The darker colours are often a reflection on the history of a place. They do not necessarily represent a dark mood. I find it quite interesting to work in dark colours and the remains of the black houses I saw on Lewis in the Outer Hebrides lent themselves to this.

    The RWS Spring Exhibition, Made in Colour, will be open 11am 6pm daily from 24 March 23 April.

    John Newberry RWS, Poinsettia, watercolour

    Ann Wegmuller RWS, The Bay, gouache & charcoal

    Bridget Moore RWS, The Checked Robe, gouache

    Hatty Davidson

  • WENDY JACOB RWS /// INTERVIEW

    Wendy Jacob paints almost exclusively in gouache, an opaque form of the traditionally translucent watercolour. Her work explores the everyday and the domestic, bringing a graphic vitality to the most ordinary scenes. Wendy is Featured Artist in the RWS Spring Exhibition: Made in Colour.

    Early artistic education has the habit of deeply affecting an artist and in this, Wendy is no different: I always loved drawing as a child at home and at school. Fortunately, my seri-ously academic secondary school also had very a good Art Department where Peggy Angus, a close friend of Ravilious, was in charge. I went on to Hammersmith School of Art where Ruskin Spear taught an evening life painting class, and Bernard Cohen ran the Basic Design course based on the Paul Klee teachings at the Bauhaus.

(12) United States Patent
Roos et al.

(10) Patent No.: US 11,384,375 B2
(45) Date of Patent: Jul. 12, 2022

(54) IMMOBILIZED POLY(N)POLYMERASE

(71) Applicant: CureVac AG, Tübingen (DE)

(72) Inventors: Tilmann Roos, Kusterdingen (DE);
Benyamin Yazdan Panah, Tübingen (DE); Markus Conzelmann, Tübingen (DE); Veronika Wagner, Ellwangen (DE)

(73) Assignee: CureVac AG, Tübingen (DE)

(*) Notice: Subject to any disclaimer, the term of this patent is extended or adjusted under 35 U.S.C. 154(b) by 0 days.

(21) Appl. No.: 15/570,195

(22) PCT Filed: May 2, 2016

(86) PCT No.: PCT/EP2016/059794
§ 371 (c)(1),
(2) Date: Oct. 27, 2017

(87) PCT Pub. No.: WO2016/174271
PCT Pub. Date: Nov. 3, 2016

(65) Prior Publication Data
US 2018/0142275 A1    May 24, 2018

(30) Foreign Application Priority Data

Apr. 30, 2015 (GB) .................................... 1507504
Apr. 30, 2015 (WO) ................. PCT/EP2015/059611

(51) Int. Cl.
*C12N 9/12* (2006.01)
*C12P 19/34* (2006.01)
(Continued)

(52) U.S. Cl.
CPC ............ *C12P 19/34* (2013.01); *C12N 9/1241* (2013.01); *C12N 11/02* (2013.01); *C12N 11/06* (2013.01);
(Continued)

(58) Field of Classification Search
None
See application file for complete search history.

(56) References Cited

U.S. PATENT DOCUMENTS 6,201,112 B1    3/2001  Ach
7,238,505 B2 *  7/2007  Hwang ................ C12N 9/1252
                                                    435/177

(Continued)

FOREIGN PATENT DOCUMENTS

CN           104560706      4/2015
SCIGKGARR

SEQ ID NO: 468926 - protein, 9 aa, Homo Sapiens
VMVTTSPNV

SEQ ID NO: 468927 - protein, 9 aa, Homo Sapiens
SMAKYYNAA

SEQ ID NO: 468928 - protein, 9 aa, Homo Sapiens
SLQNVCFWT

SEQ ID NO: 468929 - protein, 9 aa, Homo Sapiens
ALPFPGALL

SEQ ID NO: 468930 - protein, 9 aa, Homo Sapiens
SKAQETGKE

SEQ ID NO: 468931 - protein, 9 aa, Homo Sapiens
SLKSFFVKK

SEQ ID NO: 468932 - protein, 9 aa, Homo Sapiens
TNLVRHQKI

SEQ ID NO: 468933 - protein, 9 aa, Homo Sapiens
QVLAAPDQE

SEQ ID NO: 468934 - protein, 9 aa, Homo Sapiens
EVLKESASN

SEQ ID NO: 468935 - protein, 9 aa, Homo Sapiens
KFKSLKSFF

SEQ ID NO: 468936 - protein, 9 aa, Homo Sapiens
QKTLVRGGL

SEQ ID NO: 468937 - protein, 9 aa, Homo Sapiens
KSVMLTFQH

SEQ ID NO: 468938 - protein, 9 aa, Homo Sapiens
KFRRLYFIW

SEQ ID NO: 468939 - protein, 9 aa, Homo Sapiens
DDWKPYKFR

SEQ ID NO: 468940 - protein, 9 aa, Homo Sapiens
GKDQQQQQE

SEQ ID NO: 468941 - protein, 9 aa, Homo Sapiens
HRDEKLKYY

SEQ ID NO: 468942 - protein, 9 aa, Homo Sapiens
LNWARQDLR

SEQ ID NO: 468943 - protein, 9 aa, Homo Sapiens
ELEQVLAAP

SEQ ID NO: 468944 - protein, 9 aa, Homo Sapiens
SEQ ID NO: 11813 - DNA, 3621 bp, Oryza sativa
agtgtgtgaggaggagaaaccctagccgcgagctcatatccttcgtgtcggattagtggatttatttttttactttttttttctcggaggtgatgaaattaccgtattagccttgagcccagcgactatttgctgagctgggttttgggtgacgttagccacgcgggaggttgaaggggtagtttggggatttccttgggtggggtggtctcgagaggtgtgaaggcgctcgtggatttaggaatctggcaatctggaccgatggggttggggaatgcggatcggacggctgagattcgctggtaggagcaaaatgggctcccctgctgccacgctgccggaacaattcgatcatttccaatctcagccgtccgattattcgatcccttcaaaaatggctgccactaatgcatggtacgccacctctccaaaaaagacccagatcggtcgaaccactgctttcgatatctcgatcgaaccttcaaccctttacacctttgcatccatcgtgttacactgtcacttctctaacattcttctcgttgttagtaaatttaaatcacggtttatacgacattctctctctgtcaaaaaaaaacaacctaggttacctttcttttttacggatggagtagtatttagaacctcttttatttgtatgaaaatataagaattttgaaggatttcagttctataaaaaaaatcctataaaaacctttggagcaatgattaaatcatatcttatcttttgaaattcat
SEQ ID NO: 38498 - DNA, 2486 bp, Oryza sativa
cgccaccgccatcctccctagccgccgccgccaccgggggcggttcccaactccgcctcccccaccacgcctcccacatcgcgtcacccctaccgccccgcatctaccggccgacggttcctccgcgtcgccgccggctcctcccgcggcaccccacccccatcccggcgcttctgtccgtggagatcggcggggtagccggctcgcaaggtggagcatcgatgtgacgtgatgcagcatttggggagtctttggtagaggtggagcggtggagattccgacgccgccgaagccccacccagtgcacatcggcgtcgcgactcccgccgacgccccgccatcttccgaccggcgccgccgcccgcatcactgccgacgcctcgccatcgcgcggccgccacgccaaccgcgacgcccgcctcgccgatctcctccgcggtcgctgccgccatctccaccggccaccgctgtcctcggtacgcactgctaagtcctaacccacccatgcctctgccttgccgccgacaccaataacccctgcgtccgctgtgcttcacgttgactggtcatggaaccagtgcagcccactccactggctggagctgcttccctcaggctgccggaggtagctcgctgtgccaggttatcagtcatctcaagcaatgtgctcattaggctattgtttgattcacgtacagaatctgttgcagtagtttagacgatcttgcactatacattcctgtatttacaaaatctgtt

These early introductions to figures of such great artistic in-fluence were profound and Wendy continued her education at Hammersmith, going on to complete a course in Mural Design a multi-media course which included stained glass, painting in both tempera and oil, mosaics and even some plastic moulding. One can see the particular influence of stained glass and mosaic in Wendys current practice where defined shapes are brought together using strong flat colour and line to create a scene where decorative qualities are favoured over realism. However, she says that it was the drawing skills that she acquired during these years which she would go on to rely on most heavily.

    After graduating in 1963, Wendy entered the world of work and was approached by a friend who was looking for an artist to produce a hundred small drawings for a design company catalogue Goods and Chattels. The fee was a pound for each drawing (they had approached David Gentleman, who was very well known then, as now, who had asked for much more)